Dodging Suicide- I Almost Didn’t Make It: A Story of Survival and Hope

We often hear some make statements or remarks such as “I could just die” or “I wish I were dead,” but they are rarely meant as serious comments. Some or most tend to say statements such as these when they are having a rough day or out of frustration. What if I told you that there are people out there who actually considered or even attempted to end their life at one point? Maybe it’s even someone you know. Someone you could have never pictured ever thinking or feeling such things. The amount of people who have considered ending their life is quite shocking. We could be sitting next to someone who has had serious thoughts or actions about ending their life, but we would never even know it.

I live with bipolar disorder and I haven’t told many people about some of the excruciating low points in my life. Many who don’t know me all that well may see me as a happy-go-lucky, silly, yet soft-spoken, young lady. They probably would have never imagined that I have had such thoughts or feelings before.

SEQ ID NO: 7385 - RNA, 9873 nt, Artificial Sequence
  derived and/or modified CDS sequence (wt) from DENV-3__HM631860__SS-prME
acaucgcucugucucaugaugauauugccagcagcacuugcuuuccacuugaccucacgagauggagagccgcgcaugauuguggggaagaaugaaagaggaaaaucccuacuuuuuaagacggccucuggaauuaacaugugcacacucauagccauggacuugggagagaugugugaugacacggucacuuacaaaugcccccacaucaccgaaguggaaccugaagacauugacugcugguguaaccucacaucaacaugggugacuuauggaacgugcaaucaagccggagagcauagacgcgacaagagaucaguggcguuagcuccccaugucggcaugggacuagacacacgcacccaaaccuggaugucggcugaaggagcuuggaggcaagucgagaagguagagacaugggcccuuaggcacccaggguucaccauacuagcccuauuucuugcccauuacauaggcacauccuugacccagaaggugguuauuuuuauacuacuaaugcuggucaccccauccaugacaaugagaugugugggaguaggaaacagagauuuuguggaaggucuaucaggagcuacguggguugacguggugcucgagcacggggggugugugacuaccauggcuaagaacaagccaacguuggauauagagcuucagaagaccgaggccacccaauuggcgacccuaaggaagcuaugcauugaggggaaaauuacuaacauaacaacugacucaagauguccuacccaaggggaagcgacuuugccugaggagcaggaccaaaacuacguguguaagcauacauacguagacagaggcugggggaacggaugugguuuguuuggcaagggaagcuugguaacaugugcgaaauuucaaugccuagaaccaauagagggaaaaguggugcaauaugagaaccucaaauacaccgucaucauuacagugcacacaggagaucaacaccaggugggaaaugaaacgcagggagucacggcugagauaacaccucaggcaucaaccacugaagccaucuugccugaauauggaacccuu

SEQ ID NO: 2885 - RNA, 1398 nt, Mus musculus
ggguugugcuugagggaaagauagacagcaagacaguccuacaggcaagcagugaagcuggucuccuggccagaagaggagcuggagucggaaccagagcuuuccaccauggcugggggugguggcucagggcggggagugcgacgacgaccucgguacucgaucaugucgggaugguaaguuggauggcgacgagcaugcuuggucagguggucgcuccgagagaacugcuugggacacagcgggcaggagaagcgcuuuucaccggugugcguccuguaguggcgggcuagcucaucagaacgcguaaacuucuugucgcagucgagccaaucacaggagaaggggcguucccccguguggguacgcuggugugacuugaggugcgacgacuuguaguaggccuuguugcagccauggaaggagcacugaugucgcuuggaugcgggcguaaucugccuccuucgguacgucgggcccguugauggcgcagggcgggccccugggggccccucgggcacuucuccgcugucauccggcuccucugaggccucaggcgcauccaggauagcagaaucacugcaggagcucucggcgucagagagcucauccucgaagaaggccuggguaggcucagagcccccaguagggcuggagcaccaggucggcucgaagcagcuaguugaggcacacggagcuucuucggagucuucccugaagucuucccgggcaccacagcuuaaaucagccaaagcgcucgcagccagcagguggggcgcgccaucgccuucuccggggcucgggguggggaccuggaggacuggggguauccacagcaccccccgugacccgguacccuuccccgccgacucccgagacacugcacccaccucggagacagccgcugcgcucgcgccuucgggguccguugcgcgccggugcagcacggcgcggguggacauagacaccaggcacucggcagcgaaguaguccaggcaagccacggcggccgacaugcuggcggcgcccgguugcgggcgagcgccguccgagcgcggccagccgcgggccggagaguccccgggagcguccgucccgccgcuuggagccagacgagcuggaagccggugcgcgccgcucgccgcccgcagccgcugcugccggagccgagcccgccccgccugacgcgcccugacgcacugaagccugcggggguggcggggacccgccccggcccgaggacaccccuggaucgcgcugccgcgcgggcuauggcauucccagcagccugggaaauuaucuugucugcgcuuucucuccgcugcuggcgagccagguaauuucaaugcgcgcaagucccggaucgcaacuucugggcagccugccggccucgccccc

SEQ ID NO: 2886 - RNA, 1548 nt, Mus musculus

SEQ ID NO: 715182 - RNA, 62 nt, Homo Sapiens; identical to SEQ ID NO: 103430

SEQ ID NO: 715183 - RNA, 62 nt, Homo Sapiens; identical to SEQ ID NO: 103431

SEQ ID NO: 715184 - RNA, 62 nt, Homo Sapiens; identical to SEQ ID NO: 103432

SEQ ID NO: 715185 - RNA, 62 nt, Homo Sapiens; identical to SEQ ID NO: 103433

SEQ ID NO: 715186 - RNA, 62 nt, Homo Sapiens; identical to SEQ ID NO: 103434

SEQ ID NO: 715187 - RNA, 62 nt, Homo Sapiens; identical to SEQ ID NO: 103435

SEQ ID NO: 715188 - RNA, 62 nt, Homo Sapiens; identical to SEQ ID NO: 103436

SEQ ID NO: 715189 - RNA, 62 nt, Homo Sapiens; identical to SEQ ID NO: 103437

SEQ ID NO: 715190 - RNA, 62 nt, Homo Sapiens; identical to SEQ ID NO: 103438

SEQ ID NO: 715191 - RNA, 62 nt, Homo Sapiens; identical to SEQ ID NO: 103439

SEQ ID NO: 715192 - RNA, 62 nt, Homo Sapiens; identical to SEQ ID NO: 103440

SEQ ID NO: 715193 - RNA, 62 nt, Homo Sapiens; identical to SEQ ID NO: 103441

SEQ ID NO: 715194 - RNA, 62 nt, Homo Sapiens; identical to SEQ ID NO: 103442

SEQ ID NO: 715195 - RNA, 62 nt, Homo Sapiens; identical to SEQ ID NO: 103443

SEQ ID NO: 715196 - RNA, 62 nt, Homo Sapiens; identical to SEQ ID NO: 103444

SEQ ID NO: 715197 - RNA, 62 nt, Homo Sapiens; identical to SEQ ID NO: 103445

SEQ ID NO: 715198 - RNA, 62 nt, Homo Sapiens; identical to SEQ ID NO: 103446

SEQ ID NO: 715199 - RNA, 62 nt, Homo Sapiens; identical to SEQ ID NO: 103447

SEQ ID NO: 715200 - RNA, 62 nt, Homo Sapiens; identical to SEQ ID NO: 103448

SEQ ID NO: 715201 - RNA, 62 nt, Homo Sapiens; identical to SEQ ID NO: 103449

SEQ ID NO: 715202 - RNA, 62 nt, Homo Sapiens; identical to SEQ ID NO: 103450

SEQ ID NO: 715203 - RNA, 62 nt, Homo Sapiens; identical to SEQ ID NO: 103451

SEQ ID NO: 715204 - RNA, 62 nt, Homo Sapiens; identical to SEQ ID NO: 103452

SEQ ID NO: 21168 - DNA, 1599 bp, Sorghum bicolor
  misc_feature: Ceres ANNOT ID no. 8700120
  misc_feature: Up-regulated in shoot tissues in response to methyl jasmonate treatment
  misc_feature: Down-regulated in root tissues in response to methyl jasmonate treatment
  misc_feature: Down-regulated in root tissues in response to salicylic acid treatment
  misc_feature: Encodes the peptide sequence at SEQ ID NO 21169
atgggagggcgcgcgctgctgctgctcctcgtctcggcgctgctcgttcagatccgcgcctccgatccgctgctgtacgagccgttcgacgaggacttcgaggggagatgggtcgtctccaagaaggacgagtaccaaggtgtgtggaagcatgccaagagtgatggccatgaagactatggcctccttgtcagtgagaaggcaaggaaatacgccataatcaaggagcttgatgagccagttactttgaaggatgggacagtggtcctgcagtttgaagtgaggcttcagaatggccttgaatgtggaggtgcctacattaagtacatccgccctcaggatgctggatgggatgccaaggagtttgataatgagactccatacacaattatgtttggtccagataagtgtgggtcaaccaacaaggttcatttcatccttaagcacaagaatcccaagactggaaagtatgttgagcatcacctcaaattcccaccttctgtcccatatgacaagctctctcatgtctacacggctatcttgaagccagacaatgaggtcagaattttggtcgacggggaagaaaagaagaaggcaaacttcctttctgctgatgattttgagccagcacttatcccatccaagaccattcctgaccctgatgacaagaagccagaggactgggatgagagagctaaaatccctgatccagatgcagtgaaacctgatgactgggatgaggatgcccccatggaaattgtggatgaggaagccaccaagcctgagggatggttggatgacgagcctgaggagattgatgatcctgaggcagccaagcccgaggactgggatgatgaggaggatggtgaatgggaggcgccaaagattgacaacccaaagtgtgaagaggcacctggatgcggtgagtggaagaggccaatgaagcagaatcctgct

Somewhere_in_the_Multiverse_pMy mental health began to drastically decline in my early teenage years as I entered junior high. I had terrible anxiety to the point where I couldn’t function during the day. I could hardly even tolerate being at school anymore. I became afraid to go to sleep and to be alone. My innocent mind seemed as it had almost transformed overnight as I began to experience severe depression and anxiety. I was later diagnosed with bipolar disorder at the young age of twelve after a few years of therapy and evaluations. I didn’t understand what bipolar was back then, but I was too preoccupied to care and was just trying to get by each day. School undoubtedly became too much for me to handle, I began losing all my friends, and my mom and I never seemed to be on good terms during these adolescent years. The anxiety became so much that I was afraid of myself and what I would do. It seemed nothing could put me at ease. I was an unstable mess and I witnessed what seemed to be my whole world shatter before me. Everything I once knew no longer existed and I lost interest in nearly everything I used to adore. Each day became an endless struggle to survive, to go to school, and to participate in life. My struggles with severe anxiety alone had me hospitalized two different times in my life – once at age twelve and again at thirteen due to my mind being terrorized by obsessive, intrusive, and frightening thoughts. I was honestly terrified of myself. I was afraid I was actually going to hurt someone – someone I truly cared about. I am a sweet and caring person and I couldn’t even begin to fathom why I would ever think such awful things. I felt as if I were the most evil-minded person in the world and that I was truly going insane. I kept reassuring myself though that if I were really “evil,” would I actually fear acting out on these troubling thoughts? I thought to myself, “no.” An evil person wouldn’t be afraid. An evil person wouldn’t feel wrong or terrified about these types of thoughts like I did. They must just be thoughts or anxieties and they don’t define who I really am. I struggled for a few years with these types of thoughts and it took me a long time to realize that it was just anxiety and that I am not going to act out on these thoughts. I am not going crazy.